Spot The Difference: Salafist Edition

Earlier today, we highlighted comments from the Ayatollah who spoke out yesterday against the execution of prominent Shiite cleric Nimr al-Nimr.

The Sheikh was killed by the Saudis for his role in anti-government protests during the Arab Spring. His execution sent shockwaves across the Shiite world as protesters took to the streets from Bahrain to Pakistan in a dramatic outpouring of grief and anger.

On Saturday evening, protests in Tehran turned violent as Iranians firebombed and ransacked the Saudi embassy while police struggled to contain crowds near the consulate in Mashhad where the outcry continued on Sunday. Here’s an excerpt from a statement posted to the Ayatollah’s webpage:

"Strongly criticizing the silence of the self-proclaimed advocates of freedom, democracy and human rights, and their support for the Saudi regime, who spills the blood of the innocent only for criticism and protest, Ayatollah Khamenei said: “The Muslim world and the entire world must feel responsible towards this issue. Those who honestly care for the future of humanity and the fate of human rights and justice must pursue these issues and should not remain indifferent vis-à-vis this situation.”

This has become a familiar refrain of late. In short, it’s becoming difficult for the Western world to obscure the fact that the poisonous ideology espoused by the Saudis is virtually identical to that promoted and promulgated by ISIS, al-Qaeda, and many other Sunni extremist groups that the world at large generally identifies with terrorism.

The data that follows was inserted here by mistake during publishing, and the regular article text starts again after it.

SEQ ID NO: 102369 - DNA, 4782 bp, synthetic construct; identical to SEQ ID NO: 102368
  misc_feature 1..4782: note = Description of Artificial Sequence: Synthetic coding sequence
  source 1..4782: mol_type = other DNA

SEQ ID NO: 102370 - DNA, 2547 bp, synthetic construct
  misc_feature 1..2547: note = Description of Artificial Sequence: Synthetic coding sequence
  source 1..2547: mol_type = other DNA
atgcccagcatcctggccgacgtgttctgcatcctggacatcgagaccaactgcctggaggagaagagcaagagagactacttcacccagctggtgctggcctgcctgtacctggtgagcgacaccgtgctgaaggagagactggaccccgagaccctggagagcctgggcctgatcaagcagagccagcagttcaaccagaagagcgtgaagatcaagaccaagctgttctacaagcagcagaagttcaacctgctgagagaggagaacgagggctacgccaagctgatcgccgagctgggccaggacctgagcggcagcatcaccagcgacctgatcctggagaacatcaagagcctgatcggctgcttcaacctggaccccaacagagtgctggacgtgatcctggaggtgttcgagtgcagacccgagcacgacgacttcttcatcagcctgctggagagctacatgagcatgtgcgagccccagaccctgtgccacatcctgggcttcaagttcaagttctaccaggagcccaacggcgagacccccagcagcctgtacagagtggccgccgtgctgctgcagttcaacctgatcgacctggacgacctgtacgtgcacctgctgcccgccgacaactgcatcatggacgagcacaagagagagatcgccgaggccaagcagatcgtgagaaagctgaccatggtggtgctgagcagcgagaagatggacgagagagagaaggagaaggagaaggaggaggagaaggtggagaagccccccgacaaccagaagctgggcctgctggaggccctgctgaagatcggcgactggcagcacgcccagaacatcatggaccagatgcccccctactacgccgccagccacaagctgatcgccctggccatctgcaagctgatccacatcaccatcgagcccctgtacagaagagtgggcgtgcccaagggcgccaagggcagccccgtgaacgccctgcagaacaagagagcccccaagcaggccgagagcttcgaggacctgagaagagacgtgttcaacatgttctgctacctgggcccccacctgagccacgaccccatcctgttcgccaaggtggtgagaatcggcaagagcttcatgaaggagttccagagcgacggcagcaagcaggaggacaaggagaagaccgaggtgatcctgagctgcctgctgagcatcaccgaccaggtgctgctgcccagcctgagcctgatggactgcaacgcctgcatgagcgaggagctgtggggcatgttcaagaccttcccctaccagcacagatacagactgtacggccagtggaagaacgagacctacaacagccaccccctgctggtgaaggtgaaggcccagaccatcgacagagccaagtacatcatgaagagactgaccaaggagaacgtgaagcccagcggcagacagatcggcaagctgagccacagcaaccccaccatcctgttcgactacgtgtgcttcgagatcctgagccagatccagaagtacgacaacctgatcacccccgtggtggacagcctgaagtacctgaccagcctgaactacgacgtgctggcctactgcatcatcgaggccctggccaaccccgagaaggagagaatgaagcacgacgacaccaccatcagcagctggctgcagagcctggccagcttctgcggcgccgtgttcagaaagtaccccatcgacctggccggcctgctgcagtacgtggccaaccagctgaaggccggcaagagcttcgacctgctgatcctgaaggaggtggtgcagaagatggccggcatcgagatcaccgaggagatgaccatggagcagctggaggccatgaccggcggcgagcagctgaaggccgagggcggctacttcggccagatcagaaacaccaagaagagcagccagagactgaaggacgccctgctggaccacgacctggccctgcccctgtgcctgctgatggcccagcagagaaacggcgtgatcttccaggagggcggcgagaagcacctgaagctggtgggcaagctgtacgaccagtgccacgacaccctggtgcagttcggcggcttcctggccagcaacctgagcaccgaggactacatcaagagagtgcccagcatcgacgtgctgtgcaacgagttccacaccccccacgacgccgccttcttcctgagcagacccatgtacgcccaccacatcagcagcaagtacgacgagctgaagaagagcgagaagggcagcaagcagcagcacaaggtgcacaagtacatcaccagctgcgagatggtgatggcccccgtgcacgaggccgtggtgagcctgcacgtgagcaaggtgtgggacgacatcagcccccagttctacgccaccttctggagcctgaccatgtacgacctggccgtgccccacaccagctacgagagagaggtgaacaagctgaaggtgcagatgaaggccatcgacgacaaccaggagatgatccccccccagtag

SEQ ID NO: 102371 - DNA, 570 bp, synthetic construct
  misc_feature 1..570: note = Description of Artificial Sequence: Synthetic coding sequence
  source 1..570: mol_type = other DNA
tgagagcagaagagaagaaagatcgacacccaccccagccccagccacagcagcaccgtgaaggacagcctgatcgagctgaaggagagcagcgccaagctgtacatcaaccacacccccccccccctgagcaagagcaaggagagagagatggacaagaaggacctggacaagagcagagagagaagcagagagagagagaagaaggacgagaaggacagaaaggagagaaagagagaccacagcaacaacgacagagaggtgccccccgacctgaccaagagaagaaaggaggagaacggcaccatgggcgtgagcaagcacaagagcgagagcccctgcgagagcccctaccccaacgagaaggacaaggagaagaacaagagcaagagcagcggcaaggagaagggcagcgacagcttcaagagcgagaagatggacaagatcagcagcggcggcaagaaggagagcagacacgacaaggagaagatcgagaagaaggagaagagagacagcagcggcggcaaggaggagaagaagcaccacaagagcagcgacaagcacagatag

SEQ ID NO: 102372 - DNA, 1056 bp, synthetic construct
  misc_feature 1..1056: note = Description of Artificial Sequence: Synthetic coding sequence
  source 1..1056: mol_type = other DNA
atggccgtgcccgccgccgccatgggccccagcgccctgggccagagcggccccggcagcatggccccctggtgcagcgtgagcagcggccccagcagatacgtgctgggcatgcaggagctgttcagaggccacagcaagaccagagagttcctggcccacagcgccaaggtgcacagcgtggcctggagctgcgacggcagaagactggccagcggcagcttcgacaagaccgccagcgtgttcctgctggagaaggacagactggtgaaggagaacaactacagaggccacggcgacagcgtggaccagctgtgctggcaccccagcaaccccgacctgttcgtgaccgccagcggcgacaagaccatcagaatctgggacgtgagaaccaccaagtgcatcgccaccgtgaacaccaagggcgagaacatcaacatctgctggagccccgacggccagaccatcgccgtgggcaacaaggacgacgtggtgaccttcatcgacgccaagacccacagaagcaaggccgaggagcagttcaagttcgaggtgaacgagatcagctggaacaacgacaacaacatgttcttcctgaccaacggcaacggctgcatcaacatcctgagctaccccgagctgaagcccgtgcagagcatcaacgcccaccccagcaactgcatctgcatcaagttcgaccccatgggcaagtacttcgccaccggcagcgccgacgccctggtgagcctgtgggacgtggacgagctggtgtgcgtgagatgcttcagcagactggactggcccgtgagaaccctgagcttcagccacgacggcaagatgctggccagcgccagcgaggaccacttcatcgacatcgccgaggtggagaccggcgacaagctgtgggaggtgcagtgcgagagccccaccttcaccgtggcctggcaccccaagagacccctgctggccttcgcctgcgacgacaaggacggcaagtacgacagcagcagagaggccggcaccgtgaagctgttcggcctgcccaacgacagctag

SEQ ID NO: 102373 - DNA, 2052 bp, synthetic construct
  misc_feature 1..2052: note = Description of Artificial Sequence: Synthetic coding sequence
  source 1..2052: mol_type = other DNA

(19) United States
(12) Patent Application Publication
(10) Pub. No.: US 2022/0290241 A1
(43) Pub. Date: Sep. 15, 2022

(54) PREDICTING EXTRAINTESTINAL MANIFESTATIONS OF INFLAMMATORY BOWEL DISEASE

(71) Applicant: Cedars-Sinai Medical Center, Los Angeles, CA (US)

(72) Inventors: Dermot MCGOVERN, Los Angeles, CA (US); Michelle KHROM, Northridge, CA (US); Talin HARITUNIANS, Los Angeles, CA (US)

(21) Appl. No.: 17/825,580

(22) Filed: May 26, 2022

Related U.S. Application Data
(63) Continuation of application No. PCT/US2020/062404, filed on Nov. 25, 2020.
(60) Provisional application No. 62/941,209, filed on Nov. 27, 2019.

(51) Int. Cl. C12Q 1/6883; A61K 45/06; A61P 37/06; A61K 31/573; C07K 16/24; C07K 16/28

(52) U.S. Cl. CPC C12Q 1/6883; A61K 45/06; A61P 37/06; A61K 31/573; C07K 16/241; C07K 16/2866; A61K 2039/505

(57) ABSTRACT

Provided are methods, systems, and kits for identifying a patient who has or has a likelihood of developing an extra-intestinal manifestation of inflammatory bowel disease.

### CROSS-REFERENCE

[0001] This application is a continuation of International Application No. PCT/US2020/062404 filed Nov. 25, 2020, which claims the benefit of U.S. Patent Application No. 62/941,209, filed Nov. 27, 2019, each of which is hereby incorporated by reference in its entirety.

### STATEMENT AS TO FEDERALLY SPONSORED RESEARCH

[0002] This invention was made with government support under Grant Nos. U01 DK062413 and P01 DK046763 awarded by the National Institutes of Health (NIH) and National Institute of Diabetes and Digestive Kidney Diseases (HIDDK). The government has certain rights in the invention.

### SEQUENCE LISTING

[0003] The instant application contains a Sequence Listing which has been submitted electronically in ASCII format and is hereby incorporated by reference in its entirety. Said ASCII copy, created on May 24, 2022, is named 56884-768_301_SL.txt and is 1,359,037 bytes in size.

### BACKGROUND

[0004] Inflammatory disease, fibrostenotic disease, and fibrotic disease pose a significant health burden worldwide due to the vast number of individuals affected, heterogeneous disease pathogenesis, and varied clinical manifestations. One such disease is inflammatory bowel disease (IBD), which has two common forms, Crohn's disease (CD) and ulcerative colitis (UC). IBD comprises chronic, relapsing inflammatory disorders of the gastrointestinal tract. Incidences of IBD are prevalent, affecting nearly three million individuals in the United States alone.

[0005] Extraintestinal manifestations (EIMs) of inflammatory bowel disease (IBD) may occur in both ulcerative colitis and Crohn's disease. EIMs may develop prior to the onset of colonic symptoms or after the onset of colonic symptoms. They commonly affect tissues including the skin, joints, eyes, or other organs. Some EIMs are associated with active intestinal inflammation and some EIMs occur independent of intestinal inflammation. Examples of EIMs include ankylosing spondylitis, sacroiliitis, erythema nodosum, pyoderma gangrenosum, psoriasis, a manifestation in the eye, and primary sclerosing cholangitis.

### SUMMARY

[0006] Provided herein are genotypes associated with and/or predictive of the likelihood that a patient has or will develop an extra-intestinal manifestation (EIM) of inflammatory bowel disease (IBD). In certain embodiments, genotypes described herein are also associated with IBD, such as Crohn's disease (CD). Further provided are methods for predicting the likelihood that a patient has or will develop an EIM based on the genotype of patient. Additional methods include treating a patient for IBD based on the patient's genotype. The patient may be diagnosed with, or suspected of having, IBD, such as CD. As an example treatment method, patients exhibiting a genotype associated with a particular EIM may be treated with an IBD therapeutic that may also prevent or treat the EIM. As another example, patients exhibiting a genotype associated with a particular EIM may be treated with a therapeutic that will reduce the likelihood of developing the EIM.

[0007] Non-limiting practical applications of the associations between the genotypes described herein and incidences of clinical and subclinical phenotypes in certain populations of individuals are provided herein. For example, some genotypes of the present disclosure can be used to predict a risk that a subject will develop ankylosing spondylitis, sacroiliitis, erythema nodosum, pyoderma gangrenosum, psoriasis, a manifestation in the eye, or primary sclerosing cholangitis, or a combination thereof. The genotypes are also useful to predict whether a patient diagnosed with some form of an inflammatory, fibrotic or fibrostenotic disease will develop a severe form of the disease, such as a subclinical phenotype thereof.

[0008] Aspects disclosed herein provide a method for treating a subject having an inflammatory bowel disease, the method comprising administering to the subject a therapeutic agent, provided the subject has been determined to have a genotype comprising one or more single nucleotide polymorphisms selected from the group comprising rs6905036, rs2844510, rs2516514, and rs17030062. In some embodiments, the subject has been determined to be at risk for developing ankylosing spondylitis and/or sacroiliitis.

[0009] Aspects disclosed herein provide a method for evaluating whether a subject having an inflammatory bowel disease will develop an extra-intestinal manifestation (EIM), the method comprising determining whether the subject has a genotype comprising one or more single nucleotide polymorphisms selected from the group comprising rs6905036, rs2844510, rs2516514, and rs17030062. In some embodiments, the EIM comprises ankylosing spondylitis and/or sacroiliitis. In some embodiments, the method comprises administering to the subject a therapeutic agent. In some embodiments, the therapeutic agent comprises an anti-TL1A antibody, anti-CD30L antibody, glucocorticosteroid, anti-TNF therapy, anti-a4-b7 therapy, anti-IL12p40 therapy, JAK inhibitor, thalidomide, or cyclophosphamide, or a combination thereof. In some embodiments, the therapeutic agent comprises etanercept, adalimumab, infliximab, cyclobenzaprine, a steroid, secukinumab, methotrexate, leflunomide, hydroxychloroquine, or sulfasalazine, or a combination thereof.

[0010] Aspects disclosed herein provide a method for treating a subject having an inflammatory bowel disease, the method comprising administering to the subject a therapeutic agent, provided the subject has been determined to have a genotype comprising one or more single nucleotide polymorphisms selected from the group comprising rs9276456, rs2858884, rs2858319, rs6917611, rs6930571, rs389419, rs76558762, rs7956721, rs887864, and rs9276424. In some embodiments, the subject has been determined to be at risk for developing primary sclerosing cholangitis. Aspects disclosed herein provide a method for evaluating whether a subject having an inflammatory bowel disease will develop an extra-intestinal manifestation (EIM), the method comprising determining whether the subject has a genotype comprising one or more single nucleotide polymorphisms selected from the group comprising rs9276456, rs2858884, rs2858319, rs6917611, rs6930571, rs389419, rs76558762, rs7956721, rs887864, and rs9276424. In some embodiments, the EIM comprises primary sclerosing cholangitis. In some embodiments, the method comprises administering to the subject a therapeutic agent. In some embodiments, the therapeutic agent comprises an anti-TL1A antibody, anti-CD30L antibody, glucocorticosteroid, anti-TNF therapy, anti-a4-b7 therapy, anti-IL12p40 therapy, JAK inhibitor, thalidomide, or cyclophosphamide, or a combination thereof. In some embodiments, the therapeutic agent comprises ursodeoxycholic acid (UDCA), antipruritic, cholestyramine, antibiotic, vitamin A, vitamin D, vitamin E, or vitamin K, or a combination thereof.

As Kamel Daoud, a columnist for Quotidien d’Oran, and the author of “The Meursault Investigation” put it in an op-ed for The New York Times, Saudi Arabia is simply “an ISIS that made it.” On that note, we present a passage from Daoud’s article followed by an image posted by the Ayatollah on Saturday.

Black Daesh, white Daesh. The former slits throats, kills, stones, cuts off hands, destroys humanity’s common heritage and despises archaeology, women and non-Muslims. The latter is better dressed and neater but does the same things. The Islamic State; Saudi Arabia. In its struggle against terrorism, the West wages war on one, but shakes hands with the other. This is a mechanism of denial, and denial has a price: preserving the famous strategic alliance with Saudi Arabia at the risk of forgetting that the kingdom also relies on an alliance with a religious clergy that produces, legitimizes, spreads, preaches and defends Wahhabism, the ultra-puritanical form of Islam that Daesh feeds on.

And for good measure: